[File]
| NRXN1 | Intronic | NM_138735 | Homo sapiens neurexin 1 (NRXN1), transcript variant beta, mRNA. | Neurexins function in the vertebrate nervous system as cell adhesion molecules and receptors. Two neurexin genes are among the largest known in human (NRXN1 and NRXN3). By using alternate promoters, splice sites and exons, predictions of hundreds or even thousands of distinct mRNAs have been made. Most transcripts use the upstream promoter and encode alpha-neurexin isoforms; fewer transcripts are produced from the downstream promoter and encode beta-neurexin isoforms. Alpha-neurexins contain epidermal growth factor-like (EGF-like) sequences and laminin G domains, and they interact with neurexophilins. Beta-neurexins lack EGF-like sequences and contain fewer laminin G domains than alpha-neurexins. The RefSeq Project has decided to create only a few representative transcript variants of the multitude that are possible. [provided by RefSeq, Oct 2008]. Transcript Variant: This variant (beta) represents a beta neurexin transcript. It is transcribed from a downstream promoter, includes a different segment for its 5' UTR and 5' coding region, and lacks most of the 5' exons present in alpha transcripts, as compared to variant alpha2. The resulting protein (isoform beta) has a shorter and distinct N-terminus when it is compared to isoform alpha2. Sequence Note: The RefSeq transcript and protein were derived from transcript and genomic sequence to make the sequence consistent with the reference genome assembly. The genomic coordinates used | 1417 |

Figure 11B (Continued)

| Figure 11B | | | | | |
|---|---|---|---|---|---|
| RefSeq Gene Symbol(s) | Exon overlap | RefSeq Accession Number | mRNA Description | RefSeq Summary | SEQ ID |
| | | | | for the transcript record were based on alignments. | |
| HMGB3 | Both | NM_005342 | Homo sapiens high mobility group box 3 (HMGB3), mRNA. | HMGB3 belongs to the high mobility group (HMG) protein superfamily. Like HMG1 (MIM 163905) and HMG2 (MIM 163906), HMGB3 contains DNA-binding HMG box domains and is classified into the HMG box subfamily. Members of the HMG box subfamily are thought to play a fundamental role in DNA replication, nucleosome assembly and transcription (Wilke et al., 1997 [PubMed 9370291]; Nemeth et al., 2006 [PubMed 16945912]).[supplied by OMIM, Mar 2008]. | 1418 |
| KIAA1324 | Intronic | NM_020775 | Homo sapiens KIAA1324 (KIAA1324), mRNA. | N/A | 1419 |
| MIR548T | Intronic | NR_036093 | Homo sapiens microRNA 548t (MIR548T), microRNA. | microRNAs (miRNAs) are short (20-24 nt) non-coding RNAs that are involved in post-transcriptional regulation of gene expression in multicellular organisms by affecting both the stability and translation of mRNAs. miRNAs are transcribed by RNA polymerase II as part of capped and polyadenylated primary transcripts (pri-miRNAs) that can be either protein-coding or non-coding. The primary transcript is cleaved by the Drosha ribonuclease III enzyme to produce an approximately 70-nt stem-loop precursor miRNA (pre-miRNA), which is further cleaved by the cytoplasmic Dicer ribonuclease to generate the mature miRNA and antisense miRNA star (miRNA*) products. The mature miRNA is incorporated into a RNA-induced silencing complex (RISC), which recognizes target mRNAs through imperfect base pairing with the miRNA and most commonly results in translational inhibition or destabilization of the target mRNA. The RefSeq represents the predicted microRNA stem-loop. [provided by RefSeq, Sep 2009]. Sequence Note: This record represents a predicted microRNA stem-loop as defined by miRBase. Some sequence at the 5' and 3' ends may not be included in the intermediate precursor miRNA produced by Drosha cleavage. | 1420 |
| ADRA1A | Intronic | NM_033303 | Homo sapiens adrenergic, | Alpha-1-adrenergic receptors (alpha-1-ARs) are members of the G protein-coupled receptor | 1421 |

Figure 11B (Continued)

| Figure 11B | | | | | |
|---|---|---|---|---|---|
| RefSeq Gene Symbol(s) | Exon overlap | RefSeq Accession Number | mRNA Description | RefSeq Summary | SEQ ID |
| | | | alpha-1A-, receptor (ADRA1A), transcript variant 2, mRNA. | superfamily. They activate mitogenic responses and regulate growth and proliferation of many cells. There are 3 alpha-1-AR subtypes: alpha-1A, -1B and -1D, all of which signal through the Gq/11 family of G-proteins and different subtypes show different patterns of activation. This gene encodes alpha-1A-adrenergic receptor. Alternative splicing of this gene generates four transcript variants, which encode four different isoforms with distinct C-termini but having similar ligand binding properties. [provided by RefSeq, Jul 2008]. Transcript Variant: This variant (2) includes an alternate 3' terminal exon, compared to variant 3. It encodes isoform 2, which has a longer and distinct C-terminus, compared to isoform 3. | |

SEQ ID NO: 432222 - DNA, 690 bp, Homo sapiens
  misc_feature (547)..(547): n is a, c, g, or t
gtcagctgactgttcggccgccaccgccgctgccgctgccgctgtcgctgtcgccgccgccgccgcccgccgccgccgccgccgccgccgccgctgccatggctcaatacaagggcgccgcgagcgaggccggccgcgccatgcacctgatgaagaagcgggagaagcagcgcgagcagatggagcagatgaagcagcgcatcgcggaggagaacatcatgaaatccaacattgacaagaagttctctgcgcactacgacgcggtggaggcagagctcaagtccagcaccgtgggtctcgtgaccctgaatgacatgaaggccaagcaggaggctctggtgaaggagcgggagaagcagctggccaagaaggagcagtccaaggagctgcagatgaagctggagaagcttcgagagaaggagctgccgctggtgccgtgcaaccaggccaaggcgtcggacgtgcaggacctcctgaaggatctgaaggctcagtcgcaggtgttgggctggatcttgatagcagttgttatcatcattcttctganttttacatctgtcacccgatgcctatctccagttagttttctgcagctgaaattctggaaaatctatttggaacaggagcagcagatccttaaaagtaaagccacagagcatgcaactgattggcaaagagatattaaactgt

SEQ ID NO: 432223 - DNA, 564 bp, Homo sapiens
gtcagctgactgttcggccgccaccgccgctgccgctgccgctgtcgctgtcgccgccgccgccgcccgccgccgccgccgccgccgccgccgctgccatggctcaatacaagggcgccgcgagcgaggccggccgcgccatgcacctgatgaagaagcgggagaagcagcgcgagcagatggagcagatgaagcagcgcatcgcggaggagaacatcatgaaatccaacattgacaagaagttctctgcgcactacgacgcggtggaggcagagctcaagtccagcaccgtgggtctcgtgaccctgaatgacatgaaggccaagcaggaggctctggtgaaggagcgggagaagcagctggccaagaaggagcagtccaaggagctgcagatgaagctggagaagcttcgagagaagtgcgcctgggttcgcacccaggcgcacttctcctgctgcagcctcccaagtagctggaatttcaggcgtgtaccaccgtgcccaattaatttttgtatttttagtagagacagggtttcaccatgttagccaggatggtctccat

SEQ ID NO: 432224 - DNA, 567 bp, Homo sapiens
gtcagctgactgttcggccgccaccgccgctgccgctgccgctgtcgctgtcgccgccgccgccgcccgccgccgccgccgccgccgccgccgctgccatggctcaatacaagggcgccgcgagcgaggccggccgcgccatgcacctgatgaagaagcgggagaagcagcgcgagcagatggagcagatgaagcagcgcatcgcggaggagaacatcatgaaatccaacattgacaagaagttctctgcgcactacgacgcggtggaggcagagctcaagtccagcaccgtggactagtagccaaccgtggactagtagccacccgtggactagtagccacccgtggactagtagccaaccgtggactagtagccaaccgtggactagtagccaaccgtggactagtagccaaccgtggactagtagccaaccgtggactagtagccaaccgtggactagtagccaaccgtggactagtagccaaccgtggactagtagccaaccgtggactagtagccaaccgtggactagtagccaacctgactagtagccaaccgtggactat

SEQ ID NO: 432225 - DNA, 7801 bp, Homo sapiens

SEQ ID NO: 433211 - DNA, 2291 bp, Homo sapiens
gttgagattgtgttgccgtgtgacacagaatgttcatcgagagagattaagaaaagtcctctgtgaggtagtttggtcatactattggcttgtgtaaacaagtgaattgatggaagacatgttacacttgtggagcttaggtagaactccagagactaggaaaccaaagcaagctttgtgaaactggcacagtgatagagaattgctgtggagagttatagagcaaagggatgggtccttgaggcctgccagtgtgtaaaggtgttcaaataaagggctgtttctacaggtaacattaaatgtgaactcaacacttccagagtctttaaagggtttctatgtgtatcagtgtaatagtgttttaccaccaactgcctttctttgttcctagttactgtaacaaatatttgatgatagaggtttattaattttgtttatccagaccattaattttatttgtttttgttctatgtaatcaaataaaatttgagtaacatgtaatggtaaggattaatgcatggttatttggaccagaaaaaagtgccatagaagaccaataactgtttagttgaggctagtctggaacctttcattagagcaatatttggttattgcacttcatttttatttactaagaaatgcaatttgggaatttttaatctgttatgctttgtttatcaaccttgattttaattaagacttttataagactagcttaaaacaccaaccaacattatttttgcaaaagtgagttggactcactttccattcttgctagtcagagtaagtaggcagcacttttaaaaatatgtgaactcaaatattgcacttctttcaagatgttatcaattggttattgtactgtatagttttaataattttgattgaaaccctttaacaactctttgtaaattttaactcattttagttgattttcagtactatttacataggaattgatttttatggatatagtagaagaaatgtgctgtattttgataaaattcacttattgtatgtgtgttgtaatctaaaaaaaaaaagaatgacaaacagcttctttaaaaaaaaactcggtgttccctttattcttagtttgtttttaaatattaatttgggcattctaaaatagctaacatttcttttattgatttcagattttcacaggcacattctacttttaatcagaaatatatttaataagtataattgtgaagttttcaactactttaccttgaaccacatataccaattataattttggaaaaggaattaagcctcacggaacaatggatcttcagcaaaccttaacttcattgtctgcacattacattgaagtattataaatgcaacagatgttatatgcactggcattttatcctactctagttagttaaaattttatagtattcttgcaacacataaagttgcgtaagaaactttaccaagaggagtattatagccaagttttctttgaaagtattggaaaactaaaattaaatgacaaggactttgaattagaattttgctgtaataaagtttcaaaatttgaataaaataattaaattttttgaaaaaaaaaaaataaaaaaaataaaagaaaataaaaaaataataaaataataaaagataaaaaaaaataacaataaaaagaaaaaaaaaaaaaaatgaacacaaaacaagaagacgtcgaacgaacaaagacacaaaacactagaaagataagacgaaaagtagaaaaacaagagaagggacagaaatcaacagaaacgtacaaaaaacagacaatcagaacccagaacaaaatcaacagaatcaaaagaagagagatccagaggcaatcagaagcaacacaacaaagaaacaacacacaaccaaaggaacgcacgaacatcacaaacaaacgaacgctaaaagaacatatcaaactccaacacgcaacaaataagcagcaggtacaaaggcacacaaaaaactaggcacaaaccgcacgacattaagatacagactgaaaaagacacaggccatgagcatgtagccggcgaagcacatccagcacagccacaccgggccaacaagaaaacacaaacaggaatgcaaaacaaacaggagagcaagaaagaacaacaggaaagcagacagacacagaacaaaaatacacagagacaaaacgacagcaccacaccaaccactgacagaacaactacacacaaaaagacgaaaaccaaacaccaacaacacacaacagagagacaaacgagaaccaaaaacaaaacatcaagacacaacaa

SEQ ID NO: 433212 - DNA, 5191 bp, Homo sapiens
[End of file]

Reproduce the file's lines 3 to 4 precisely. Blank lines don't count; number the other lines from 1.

| Figure 11B | | | | | |
|---|---|---|---|---|---|